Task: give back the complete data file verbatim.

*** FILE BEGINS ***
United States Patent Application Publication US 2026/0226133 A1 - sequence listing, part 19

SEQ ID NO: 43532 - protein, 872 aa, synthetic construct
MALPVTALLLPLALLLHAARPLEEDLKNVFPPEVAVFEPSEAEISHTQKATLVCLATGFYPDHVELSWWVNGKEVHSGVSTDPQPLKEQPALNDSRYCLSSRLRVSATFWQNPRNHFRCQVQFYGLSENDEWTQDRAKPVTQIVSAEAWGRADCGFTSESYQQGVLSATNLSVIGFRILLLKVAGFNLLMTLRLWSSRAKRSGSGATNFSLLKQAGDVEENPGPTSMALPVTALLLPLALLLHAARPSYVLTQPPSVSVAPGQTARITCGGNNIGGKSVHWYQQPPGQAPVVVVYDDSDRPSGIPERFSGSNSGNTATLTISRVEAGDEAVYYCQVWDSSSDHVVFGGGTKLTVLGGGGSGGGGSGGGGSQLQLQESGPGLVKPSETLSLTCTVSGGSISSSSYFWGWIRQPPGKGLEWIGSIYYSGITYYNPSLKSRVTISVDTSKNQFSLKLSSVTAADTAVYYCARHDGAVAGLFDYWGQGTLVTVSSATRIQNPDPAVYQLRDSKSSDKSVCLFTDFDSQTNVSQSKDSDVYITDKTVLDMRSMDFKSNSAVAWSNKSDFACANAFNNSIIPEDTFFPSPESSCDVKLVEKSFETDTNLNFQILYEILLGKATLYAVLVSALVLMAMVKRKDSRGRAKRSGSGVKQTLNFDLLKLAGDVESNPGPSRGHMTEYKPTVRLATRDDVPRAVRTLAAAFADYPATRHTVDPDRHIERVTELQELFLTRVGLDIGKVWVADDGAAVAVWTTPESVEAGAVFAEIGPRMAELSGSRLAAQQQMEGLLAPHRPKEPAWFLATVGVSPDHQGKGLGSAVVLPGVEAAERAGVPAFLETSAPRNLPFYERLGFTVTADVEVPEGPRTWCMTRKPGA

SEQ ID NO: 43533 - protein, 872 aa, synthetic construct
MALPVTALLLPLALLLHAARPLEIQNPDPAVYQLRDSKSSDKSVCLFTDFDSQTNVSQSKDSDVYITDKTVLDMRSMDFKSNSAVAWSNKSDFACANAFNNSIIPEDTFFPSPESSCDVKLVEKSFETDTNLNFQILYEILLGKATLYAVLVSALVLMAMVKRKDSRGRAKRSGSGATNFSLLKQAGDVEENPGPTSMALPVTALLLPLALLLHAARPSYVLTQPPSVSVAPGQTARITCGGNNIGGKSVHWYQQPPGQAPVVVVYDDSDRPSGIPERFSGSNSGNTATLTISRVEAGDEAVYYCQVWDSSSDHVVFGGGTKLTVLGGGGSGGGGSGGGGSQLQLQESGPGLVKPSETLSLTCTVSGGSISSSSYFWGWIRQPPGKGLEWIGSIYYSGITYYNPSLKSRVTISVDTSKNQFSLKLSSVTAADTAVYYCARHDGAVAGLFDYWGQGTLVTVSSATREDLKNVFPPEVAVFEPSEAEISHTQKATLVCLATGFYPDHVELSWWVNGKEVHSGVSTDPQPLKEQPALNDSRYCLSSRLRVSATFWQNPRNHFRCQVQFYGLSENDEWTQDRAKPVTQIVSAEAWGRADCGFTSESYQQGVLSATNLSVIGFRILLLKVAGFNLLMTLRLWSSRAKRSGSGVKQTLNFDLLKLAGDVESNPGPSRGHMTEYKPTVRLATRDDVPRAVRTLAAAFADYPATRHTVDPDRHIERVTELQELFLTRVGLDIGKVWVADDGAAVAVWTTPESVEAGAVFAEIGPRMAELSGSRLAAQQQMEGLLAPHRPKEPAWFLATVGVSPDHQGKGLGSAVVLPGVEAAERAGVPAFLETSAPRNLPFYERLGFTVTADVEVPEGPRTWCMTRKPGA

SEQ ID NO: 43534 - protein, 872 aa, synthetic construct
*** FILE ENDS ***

United States Patent Application Publication US 2026/0226133 A1 - sequence listing, part 19

SEQ ID NO: 43532 - protein, 872 aa, synthetic construct
MALPVTALLLPLALLLHAARPLEEDLKNVFPPEVAVFEPSEAEISHTQKATLVCLATGFYPDHVELSWWVNGKEVHSGVSTDPQPLKEQPALNDSRYCLSSRLRVSATFWQNPRNHFRCQVQFYGLSENDEWTQDRAKPVTQIVSAEAWGRADCGFTSESYQQGVLSATNLSVIGFRILLLKVAGFNLLMTLRLWSSRAKRSGSGATNFSLLKQAGDVEENPGPTSMALPVTALLLPLALLLHAARPSYVLTQPPSVSVAPGQTARITCGGNNIGGKSVHWYQQPPGQAPVVVVYDDSDRPSGIPERFSGSNSGNTATLTISRVEAGDEAVYYCQVWDSSSDHVVFGGGTKLTVLGGGGSGGGGSGGGGSQLQLQESGPGLVKPSETLSLTCTVSGGSISSSSYFWGWIRQPPGKGLEWIGSIYYSGITYYNPSLKSRVTISVDTSKNQFSLKLSSVTAADTAVYYCARHDGAVAGLFDYWGQGTLVTVSSATRIQNPDPAVYQLRDSKSSDKSVCLFTDFDSQTNVSQSKDSDVYITDKTVLDMRSMDFKSNSAVAWSNKSDFACANAFNNSIIPEDTFFPSPESSCDVKLVEKSFETDTNLNFQILYEILLGKATLYAVLVSALVLMAMVKRKDSRGRAKRSGSGVKQTLNFDLLKLAGDVESNPGPSRGHMTEYKPTVRLATRDDVPRAVRTLAAAFADYPATRHTVDPDRHIERVTELQELFLTRVGLDIGKVWVADDGAAVAVWTTPESVEAGAVFAEIGPRMAELSGSRLAAQQQMEGLLAPHRPKEPAWFLATVGVSPDHQGKGLGSAVVLPGVEAAERAGVPAFLETSAPRNLPFYERLGFTVTADVEVPEGPRTWCMTRKPGA

SEQ ID NO: 43533 - protein, 872 aa, synthetic construct
MALPVTALLLPLALLLHAARPLEIQNPDPAVYQLRDSKSSDKSVCLFTDFDSQTNVSQSKDSDVYITDKTVLDMRSMDFKSNSAVAWSNKSDFACANAFNNSIIPEDTFFPSPESSCDVKLVEKSFETDTNLNFQILYEILLGKATLYAVLVSALVLMAMVKRKDSRGRAKRSGSGATNFSLLKQAGDVEENPGPTSMALPVTALLLPLALLLHAARPSYVLTQPPSVSVAPGQTARITCGGNNIGGKSVHWYQQPPGQAPVVVVYDDSDRPSGIPERFSGSNSGNTATLTISRVEAGDEAVYYCQVWDSSSDHVVFGGGTKLTVLGGGGSGGGGSGGGGSQLQLQESGPGLVKPSETLSLTCTVSGGSISSSSYFWGWIRQPPGKGLEWIGSIYYSGITYYNPSLKSRVTISVDTSKNQFSLKLSSVTAADTAVYYCARHDGAVAGLFDYWGQGTLVTVSSATREDLKNVFPPEVAVFEPSEAEISHTQKATLVCLATGFYPDHVELSWWVNGKEVHSGVSTDPQPLKEQPALNDSRYCLSSRLRVSATFWQNPRNHFRCQVQFYGLSENDEWTQDRAKPVTQIVSAEAWGRADCGFTSESYQQGVLSATNLSVIGFRILLLKVAGFNLLMTLRLWSSRAKRSGSGVKQTLNFDLLKLAGDVESNPGPSRGHMTEYKPTVRLATRDDVPRAVRTLAAAFADYPATRHTVDPDRHIERVTELQELFLTRVGLDIGKVWVADDGAAVAVWTTPESVEAGAVFAEIGPRMAELSGSRLAAQQQMEGLLAPHRPKEPAWFLATVGVSPDHQGKGLGSAVVLPGVEAAERAGVPAFLETSAPRNLPFYERLGFTVTADVEVPEGPRTWCMTRKPGA

SEQ ID NO: 43534 - protein, 872 aa, synthetic construct